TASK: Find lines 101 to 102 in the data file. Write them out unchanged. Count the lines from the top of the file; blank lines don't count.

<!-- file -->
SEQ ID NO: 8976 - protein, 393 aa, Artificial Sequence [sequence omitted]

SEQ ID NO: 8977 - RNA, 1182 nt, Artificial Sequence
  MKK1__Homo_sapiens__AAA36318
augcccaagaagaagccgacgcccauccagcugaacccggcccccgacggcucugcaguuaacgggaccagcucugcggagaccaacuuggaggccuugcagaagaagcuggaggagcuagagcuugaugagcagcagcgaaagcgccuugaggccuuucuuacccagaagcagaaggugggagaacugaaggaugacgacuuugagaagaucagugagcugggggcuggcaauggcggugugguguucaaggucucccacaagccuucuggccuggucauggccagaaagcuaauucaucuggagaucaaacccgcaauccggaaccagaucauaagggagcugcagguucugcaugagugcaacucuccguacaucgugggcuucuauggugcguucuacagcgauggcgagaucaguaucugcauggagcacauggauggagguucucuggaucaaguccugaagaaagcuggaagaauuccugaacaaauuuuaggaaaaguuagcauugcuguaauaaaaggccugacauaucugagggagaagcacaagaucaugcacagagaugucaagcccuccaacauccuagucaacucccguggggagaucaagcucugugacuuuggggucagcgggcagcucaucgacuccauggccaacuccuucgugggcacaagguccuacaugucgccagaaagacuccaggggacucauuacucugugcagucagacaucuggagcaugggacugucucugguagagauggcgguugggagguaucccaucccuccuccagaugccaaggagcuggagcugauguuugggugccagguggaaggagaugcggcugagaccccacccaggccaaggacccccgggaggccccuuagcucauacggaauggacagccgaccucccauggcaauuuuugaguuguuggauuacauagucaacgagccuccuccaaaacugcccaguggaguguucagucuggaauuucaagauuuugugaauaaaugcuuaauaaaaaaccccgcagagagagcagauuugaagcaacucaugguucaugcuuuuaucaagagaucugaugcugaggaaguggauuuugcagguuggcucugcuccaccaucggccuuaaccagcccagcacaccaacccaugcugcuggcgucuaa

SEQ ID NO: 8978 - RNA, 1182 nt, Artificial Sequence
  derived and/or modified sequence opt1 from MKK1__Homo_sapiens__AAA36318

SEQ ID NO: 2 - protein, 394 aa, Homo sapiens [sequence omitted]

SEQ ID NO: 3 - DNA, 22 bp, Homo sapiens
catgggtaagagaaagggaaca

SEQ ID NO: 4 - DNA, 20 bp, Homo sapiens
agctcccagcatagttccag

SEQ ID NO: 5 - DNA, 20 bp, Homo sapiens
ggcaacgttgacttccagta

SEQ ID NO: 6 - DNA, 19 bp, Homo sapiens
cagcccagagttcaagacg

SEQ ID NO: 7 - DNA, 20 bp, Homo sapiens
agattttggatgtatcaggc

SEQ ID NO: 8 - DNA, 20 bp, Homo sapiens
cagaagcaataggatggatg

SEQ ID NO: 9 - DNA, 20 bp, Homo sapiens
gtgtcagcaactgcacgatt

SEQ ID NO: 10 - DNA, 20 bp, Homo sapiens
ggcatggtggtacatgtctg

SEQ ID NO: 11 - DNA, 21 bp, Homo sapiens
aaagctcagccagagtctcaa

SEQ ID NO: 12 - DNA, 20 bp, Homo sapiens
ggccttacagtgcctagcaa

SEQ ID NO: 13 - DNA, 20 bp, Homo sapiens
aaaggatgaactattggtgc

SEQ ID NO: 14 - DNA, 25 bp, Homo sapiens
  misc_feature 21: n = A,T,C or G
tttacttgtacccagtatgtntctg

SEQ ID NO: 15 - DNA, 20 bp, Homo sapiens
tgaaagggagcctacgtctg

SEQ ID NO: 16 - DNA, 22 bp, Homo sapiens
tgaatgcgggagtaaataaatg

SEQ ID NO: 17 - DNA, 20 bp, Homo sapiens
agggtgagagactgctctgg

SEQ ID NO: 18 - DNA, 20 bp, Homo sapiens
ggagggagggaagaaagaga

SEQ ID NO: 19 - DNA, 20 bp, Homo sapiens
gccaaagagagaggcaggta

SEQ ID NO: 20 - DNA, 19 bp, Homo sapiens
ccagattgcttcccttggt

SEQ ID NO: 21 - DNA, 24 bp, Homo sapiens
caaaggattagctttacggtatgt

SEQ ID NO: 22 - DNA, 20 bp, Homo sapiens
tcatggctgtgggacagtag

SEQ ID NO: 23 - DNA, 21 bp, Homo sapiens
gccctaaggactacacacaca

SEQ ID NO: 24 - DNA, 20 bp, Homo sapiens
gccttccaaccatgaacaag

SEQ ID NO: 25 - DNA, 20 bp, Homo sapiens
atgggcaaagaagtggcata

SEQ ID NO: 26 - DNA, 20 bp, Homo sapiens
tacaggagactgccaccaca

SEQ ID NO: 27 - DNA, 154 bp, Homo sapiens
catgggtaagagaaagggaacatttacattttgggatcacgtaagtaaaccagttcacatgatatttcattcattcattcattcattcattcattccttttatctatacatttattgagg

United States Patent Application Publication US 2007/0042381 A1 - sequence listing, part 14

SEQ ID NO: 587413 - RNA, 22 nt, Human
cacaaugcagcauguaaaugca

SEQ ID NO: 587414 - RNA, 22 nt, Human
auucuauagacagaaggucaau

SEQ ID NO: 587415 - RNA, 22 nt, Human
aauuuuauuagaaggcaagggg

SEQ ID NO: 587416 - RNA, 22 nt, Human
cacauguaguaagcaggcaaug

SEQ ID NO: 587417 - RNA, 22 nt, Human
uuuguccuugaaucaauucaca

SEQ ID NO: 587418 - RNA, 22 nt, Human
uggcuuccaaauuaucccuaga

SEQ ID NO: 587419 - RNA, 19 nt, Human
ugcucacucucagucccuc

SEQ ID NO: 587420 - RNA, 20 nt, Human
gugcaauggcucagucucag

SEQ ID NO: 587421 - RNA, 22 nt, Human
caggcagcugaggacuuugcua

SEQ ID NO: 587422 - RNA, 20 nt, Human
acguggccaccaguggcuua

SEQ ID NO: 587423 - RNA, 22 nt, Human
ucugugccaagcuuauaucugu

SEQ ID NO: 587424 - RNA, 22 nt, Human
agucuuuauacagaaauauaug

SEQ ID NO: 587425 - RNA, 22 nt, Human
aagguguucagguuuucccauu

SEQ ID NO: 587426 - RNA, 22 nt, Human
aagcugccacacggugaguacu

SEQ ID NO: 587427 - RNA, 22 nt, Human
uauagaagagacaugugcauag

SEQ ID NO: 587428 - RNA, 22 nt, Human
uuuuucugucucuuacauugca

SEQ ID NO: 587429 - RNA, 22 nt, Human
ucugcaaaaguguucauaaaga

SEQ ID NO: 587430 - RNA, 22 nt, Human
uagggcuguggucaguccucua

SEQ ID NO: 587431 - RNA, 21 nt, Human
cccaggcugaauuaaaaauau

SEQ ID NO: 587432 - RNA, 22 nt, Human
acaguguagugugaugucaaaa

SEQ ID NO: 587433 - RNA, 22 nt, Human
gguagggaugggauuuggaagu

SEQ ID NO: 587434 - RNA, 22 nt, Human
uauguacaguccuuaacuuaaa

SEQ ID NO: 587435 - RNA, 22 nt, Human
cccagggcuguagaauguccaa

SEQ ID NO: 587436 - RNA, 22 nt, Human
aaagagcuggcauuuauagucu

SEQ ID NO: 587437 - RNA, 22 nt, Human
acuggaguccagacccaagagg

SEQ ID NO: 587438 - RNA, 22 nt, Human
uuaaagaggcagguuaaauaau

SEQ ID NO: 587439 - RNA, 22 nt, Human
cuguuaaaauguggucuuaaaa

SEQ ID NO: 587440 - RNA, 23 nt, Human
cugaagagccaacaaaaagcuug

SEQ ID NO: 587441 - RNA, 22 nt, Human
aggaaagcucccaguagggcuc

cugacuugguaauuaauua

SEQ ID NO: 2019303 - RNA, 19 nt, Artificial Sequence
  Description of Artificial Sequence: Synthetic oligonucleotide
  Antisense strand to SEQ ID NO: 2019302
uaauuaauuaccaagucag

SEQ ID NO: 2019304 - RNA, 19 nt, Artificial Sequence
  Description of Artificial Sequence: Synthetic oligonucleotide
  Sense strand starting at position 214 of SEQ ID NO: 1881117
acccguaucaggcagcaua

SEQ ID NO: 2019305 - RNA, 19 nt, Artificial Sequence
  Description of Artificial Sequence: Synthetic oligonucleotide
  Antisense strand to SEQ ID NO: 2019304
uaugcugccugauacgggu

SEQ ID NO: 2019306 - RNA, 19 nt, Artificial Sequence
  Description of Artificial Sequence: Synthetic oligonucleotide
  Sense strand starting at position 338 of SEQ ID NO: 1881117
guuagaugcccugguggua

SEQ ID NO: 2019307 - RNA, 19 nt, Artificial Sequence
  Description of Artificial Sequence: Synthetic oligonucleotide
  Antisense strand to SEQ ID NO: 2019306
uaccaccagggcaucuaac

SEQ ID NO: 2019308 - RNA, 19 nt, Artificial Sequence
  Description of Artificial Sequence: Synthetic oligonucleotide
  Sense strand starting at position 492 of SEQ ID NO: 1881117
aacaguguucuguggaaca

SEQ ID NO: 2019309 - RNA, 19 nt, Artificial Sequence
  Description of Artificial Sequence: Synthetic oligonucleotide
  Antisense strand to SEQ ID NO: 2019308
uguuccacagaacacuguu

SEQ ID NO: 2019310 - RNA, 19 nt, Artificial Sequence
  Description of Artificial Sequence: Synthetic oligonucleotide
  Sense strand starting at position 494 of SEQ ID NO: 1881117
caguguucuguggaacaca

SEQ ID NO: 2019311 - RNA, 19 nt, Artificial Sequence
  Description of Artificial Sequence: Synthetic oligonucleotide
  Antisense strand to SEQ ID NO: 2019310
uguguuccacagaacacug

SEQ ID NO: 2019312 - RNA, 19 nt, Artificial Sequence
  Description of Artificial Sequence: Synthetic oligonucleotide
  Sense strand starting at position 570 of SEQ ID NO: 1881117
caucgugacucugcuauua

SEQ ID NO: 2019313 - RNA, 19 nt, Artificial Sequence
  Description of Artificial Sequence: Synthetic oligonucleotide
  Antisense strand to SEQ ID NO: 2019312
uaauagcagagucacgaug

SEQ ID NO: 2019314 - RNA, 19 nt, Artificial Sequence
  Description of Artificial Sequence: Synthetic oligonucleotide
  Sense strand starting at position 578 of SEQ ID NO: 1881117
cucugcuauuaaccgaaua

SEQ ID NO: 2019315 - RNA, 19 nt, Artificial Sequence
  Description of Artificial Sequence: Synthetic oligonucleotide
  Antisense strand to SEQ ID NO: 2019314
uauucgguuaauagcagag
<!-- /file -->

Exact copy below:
gguagggaugggauuuggaagu

SEQ ID NO: 587434 - RNA, 22 nt, Human